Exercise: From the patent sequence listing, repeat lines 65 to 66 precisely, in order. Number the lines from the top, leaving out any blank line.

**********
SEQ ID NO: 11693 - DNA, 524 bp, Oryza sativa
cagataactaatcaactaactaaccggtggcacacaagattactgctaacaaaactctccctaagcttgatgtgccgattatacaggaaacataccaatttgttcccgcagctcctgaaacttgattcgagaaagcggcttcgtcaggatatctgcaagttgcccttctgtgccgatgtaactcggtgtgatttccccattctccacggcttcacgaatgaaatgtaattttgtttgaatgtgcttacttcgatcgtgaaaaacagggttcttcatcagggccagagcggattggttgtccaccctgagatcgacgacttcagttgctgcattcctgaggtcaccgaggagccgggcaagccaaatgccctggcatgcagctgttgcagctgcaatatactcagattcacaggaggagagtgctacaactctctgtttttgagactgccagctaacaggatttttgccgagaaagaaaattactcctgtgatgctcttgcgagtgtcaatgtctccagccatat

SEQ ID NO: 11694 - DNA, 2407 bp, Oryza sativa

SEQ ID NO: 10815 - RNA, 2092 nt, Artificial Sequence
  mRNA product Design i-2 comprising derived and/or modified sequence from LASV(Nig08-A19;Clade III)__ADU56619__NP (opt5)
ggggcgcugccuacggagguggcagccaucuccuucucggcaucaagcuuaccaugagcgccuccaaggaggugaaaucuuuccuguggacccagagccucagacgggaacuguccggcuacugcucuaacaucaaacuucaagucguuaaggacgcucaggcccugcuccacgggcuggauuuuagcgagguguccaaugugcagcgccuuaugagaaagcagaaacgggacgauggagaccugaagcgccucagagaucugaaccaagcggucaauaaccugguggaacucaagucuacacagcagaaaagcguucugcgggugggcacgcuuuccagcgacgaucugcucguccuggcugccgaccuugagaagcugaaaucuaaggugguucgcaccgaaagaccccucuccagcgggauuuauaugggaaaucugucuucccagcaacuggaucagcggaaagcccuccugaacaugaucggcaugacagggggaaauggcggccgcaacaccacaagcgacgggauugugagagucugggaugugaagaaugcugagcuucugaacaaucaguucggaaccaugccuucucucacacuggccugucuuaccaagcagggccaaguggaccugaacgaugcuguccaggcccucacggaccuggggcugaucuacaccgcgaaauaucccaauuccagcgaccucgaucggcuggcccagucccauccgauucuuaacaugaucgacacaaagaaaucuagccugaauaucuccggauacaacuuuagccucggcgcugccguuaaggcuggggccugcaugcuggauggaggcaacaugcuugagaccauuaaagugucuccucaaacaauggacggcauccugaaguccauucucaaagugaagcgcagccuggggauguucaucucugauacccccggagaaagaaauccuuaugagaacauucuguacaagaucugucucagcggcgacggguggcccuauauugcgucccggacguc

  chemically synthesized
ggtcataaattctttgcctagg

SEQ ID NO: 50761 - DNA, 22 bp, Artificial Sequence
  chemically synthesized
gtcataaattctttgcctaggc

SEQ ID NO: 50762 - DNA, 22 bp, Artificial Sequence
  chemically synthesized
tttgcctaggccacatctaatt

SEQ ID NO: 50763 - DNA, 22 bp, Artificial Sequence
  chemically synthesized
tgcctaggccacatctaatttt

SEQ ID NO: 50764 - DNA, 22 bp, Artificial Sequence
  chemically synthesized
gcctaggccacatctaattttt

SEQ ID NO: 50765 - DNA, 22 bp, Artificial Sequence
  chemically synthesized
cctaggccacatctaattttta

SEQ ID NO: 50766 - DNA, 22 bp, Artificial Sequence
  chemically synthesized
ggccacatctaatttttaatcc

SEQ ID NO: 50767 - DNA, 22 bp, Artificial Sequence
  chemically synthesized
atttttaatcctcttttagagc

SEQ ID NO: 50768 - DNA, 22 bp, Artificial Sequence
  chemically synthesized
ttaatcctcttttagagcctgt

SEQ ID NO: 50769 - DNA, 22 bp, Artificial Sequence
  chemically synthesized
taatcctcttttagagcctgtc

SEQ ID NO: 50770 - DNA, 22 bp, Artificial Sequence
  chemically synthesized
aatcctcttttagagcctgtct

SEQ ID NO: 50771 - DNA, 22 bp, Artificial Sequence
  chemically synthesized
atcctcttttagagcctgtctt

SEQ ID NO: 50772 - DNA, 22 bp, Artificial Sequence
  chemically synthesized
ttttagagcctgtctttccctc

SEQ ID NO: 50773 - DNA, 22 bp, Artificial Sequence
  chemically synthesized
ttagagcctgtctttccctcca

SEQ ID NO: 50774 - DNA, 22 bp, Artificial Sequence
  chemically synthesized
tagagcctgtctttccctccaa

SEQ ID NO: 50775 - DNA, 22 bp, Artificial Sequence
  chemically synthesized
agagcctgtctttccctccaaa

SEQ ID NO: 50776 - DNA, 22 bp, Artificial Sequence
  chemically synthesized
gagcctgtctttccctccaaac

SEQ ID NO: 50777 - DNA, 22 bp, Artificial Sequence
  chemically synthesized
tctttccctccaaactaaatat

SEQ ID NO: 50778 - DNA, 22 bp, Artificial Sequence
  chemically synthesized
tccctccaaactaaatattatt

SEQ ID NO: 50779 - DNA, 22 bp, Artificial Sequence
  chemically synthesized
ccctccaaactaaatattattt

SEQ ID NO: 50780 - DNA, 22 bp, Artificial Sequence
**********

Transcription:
ccctccaaactaaatattattt

SEQ ID NO: 50780 - DNA, 22 bp, Artificial Sequence